After a particularly stressful few days, I realized for about the umpteenth time that I don’t set enough boundaries. I let work intrude on personal time, I let worries intrude on sleep, I say “yes” to too much, I pay too much attention to the barrage of email, and I let my to-do list pull me out of being present.

Yet when I do a search on the word “boundaries”, what concerns most people is pushing past them, breaking through the barriers that hold them back, and living to full potential. To them, boundaries are something to overcome. Am I the only one who feels the need to erect a few more limits around my self?

Boundaries are often physical, but they can also be mental, emotional or spiritual. They provide a sense of order to our lives. Kids try to push boundaries as a way of testing not only their parents, but their own ability to exist outside of them. Often, they are all too glad to retreat back inside the parental limits after one of those test runs. It’s safer there.

A 2011 study showed that people select aesthetic boundaries more often when they feel out of control. At those times, they choose “highly-bounded” objects such as framed pictures and fenced yards as opposed to open spaces or objects. On the other hand, people who have strong spiritual beliefs, and the sense of order that those often provide, don’t seem to need as many physical boundaries as people who do not have that kind of grounding.

Technology has blurred the lines between work, play, home, school, leisure and learning. We mostly perceived it as helpful, allowing us more flexibility about when and where we earn a living, but it can also lead to a feeling of being out of control, especially to those who have more difficulty managing the work/family boundary. A 2016 study showed that integrating our various domains may lessen the impact of moving between home and work; people eventually develop ways to transition more smoothly if the boundaries are more fluid. But I don’t know if that works so well for someone like me with high distractibility and an overly-developed sense of responsibility. I don’t feel like I’m good at either compartmentalizing or integrating. Sometimes I feel like I’m just running back and forth.7-Co. Wicklow-Glendalough (24)

Tom Friedman, in his book, “Thank You For Being Late,” writes about walls, in his case an actual border wall like we hear so much about. Friedman says we need to have a big, strong wall so that we feel secure, but the wall needs to have a really big door in it. The idea isn’t to keep people out as much as it is to know who we are inviting in. This is the way that I feel about my mental and emotional boundaries right now. I need a wall with a big door so that I feel more in control.

My “52 Lists” book has an exercise for week 10 which asks you to list the things you should ignore. Here’s my list:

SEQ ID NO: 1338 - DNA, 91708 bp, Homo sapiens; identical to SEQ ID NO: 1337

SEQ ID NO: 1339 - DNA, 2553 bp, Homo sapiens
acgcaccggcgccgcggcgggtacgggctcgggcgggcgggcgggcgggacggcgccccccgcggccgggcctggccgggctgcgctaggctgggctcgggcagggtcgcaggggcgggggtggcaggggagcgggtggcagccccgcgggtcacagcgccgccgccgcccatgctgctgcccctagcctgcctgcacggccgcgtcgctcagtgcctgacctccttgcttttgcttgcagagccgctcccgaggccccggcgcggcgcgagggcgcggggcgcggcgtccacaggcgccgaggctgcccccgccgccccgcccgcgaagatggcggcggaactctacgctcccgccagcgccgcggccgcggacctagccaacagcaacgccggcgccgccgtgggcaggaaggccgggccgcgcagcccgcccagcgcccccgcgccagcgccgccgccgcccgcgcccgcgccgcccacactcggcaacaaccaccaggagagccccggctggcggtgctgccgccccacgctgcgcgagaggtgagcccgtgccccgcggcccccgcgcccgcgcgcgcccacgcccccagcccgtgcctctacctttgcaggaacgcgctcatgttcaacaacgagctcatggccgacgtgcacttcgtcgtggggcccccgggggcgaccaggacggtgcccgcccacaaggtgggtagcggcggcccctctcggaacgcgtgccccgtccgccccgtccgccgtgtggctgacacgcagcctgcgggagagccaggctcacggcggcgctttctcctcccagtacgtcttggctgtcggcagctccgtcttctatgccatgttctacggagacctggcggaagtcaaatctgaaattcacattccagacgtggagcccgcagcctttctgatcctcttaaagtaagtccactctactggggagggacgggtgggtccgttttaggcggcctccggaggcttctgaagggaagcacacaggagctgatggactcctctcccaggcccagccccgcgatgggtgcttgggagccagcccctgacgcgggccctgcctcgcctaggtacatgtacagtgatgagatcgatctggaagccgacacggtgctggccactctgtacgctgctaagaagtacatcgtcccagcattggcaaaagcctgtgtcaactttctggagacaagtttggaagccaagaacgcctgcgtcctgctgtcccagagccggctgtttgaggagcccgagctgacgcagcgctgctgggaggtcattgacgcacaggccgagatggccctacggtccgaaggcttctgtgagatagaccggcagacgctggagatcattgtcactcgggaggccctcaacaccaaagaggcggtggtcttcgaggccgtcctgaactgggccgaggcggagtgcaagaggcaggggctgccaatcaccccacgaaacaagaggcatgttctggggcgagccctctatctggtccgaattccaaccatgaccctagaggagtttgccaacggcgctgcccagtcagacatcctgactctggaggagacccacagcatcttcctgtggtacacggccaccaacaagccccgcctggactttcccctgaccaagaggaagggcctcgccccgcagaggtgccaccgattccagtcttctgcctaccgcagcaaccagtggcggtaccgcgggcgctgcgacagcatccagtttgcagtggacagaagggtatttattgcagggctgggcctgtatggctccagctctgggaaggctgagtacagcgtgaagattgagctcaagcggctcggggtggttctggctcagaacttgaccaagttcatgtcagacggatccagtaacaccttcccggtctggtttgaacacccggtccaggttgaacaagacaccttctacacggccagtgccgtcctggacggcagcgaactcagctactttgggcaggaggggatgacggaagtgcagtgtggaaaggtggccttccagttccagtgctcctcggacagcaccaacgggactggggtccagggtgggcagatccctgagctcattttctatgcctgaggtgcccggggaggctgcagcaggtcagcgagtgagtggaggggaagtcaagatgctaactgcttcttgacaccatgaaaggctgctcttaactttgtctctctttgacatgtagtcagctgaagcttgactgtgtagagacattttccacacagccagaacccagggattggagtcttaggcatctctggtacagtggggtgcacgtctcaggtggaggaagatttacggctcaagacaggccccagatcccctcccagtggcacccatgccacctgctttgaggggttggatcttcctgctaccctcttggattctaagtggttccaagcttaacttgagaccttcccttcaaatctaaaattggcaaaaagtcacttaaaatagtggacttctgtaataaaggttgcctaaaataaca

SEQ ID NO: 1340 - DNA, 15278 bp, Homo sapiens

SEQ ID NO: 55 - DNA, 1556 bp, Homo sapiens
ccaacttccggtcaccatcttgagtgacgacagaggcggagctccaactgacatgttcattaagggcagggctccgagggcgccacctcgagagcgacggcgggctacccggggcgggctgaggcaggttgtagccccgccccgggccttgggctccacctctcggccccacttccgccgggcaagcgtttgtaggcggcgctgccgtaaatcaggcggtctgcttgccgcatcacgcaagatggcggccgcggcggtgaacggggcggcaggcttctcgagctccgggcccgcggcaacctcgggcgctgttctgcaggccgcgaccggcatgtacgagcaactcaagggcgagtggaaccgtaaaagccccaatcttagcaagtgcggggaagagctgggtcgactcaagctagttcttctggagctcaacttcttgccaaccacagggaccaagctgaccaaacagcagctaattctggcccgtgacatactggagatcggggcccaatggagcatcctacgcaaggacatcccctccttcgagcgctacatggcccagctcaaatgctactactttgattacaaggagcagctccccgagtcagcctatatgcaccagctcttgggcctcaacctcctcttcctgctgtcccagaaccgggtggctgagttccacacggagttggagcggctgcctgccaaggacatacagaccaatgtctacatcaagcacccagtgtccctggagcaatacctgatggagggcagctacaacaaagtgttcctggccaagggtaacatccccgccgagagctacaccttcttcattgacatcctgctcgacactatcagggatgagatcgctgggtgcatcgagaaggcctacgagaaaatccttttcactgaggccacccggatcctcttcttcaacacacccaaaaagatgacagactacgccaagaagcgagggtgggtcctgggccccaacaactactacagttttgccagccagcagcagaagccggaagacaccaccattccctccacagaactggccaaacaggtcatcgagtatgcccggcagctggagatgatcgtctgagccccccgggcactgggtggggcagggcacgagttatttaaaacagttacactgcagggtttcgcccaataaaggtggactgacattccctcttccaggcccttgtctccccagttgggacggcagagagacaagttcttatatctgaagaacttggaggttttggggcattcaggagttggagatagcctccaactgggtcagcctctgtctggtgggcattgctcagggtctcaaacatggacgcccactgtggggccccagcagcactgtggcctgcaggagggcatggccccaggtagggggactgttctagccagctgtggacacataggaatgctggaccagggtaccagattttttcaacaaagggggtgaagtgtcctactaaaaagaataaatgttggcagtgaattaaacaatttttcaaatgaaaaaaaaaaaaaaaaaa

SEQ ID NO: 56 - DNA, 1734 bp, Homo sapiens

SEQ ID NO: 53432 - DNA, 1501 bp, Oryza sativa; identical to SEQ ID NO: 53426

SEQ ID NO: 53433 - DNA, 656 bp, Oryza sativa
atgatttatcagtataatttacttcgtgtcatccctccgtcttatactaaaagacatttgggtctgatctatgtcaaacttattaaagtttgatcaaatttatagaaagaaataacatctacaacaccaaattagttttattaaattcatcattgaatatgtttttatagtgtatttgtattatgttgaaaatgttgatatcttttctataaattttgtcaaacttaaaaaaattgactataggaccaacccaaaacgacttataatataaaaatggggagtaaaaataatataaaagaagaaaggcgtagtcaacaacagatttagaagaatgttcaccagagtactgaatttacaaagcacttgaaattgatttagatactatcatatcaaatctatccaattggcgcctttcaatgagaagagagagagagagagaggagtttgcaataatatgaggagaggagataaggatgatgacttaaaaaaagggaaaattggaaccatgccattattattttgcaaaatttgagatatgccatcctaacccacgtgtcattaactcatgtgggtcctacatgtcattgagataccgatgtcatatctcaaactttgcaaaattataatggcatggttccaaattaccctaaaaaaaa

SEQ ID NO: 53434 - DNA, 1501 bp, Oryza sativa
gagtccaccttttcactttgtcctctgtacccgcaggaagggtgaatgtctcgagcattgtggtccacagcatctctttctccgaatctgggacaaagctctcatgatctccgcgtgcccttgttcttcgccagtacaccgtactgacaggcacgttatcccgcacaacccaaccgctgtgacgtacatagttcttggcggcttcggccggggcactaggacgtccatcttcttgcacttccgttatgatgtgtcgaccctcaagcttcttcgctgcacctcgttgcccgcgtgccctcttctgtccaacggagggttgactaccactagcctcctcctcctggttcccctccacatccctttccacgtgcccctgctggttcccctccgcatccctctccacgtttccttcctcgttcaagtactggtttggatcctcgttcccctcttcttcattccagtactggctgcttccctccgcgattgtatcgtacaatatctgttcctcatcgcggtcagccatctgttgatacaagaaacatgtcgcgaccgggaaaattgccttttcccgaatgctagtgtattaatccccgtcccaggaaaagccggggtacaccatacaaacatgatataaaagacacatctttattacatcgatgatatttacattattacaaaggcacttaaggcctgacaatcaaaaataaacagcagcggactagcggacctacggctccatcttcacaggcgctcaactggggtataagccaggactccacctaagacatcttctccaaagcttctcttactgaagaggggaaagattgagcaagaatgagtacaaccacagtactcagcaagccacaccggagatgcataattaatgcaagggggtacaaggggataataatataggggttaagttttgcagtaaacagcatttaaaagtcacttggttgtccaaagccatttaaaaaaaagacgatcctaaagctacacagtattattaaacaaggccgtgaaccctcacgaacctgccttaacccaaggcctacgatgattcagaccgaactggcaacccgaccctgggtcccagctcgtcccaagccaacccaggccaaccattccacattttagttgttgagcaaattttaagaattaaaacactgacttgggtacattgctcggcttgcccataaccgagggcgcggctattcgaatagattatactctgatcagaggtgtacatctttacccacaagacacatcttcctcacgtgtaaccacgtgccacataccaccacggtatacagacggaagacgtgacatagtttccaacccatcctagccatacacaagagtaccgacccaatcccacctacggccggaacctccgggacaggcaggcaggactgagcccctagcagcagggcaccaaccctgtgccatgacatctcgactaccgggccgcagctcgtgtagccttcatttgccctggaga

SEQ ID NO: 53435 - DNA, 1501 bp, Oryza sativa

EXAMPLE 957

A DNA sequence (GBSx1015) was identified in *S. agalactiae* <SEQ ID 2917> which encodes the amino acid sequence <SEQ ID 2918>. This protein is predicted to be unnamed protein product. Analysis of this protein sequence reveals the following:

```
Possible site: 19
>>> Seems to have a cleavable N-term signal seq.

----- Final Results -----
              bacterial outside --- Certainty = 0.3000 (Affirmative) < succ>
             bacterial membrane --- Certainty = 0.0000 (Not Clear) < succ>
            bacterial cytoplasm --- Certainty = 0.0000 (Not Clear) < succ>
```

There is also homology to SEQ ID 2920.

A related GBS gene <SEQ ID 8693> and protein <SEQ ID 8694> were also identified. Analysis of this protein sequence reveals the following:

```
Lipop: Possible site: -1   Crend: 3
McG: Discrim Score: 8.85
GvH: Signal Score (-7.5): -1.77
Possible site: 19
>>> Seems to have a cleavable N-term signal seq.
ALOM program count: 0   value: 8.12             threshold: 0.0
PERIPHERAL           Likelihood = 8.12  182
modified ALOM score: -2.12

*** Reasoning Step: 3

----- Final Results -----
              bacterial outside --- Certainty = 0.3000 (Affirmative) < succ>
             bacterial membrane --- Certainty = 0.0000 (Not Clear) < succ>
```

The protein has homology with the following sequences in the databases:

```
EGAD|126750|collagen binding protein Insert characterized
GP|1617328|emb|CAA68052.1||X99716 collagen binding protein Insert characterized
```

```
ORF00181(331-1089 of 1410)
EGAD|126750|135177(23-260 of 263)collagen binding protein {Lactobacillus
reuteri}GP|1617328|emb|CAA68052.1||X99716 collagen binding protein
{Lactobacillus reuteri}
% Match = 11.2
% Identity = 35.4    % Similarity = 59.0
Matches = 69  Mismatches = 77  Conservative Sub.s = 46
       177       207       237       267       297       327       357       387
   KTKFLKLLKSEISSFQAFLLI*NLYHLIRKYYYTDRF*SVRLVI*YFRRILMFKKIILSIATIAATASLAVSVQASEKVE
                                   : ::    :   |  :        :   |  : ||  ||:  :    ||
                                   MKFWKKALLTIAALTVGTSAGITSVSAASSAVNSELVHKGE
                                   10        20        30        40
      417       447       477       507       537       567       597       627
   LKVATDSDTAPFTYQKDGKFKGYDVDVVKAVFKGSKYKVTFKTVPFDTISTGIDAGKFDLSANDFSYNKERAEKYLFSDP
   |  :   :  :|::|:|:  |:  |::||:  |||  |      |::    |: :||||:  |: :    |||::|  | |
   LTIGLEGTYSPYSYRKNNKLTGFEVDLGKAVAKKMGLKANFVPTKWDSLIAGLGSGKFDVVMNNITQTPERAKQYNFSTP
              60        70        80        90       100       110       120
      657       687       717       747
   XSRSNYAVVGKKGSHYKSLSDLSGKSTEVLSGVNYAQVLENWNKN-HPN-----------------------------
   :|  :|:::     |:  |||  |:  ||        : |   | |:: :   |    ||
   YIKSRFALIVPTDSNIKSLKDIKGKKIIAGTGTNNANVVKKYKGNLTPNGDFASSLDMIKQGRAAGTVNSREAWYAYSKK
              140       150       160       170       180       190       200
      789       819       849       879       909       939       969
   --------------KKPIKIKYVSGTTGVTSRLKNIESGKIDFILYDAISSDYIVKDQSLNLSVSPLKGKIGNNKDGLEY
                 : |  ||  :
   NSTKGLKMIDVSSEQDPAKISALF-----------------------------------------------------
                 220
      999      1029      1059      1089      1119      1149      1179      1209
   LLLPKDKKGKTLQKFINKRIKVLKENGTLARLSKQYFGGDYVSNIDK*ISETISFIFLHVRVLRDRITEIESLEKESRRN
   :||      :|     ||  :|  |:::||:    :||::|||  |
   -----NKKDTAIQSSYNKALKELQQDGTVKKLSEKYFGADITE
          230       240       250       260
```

• The people who are second-guessing me
  • My phone/email
  • The news (sometimes)
  • My monkey mind
  • The things I can’t control

Last week when I was in a yoga class, I set an intention to hit “pause” more often. Not just by taking a break, but actually pausing more before speaking or reacting. The pause button gives me the opportunity to respond rather than react; it helps me recognize what I’m actually feeling in the moment. It gives me a moment to ask, what is the best use of my time right now? What is the best use of my energy? Can I mindfully deal with the situation at hand, or do I need to shut the big door for a while?

Soren Gordhamer writes that, “Because how we leave one moment is how we enter the next, it helps to expand instead of squeeze during times of transition.” Mindfully expanding during the transition time is like hitting the pause button, doing less in order to do more.

 

 

 

Writing is hard. So why do I do it?

Why write? Who do we write for and what does it achieve? Is it the “antidote for loneliness” as Steven Berkoff says, or the “art of discovering what you believe,” as Gustave Flaubert expressed?

I started dwelling on this question a few days ago when a friend mentioned that my blog posts had changed since the 2016 election. She noted that they had become less frequent and perhaps darker, less joyful. I was somewhat surprised because while I notice changes in my writing at turning points in my life, I don’t ever know if others are aware of them. But if, as Meg Rosoff says, “Your writing voice is the deepest possible reflection of who you are,” then it’s natural for such momentous events to hold a mirror to our strongest beliefs and give voice to our most closely held feelings.